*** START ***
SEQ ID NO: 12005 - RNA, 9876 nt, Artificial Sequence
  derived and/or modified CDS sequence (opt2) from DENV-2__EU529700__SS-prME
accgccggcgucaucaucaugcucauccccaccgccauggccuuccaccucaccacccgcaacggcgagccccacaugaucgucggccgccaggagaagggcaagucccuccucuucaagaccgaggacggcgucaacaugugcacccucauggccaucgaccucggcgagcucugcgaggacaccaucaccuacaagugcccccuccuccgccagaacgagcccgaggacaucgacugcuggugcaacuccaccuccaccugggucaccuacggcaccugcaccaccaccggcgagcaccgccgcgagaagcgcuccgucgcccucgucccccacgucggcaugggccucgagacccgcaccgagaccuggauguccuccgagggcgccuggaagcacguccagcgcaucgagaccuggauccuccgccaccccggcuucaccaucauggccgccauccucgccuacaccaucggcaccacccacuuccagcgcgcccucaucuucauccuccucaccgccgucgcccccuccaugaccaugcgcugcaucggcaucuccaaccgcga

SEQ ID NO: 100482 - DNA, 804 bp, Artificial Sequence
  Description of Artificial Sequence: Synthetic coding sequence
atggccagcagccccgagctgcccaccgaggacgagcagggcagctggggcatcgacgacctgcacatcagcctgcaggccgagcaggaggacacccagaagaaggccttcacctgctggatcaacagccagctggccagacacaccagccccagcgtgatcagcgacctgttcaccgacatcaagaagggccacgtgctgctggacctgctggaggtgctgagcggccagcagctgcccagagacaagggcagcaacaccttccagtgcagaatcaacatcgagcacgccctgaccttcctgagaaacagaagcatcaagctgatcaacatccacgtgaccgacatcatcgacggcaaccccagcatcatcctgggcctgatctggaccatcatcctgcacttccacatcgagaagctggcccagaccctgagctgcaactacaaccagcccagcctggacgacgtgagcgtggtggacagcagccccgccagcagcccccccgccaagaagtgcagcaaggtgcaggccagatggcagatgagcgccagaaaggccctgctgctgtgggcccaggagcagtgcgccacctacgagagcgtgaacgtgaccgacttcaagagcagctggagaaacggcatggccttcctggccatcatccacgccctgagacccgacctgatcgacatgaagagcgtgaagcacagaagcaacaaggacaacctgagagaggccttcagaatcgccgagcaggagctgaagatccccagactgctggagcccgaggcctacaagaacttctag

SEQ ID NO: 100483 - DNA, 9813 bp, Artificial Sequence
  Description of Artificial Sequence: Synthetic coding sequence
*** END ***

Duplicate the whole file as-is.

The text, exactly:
SEQ ID NO: 12005 - RNA, 9876 nt, Artificial Sequence
  derived and/or modified CDS sequence (opt2) from DENV-2__EU529700__SS-prME
accgccggcgucaucaucaugcucauccccaccgccauggccuuccaccucaccacccgcaacggcgagccccacaugaucgucggccgccaggagaagggcaagucccuccucuucaagaccgaggacggcgucaacaugugcacccucauggccaucgaccucggcgagcucugcgaggacaccaucaccuacaagugcccccuccuccgccagaacgagcccgaggacaucgacugcuggugcaacuccaccuccaccugggucaccuacggcaccugcaccaccaccggcgagcaccgccgcgagaagcgcuccgucgcccucgucccccacgucggcaugggccucgagacccgcaccgagaccuggauguccuccgagggcgccuggaagcacguccagcgcaucgagaccuggauccuccgccaccccggcuucaccaucauggccgccauccucgccuacaccaucggcaccacccacuuccagcgcgcccucaucuucauccuccucaccgccgucgcccccuccaugaccaugcgcugcaucggcaucuccaaccgcga

SEQ ID NO: 100482 - DNA, 804 bp, Artificial Sequence
  Description of Artificial Sequence: Synthetic coding sequence
atggccagcagccccgagctgcccaccgaggacgagcagggcagctggggcatcgacgacctgcacatcagcctgcaggccgagcaggaggacacccagaagaaggccttcacctgctggatcaacagccagctggccagacacaccagccccagcgtgatcagcgacctgttcaccgacatcaagaagggccacgtgctgctggacctgctggaggtgctgagcggccagcagctgcccagagacaagggcagcaacaccttccagtgcagaatcaacatcgagcacgccctgaccttcctgagaaacagaagcatcaagctgatcaacatccacgtgaccgacatcatcgacggcaaccccagcatcatcctgggcctgatctggaccatcatcctgcacttccacatcgagaagctggcccagaccctgagctgcaactacaaccagcccagcctggacgacgtgagcgtggtggacagcagccccgccagcagcccccccgccaagaagtgcagcaaggtgcaggccagatggcagatgagcgccagaaaggccctgctgctgtgggcccaggagcagtgcgccacctacgagagcgtgaacgtgaccgacttcaagagcagctggagaaacggcatggccttcctggccatcatccacgccctgagacccgacctgatcgacatgaagagcgtgaagcacagaagcaacaaggacaacctgagagaggccttcagaatcgccgagcaggagctgaagatccccagactgctggagcccgaggcctacaagaacttctag

SEQ ID NO: 100483 - DNA, 9813 bp, Artificial Sequence
  Description of Artificial Sequence: Synthetic coding sequence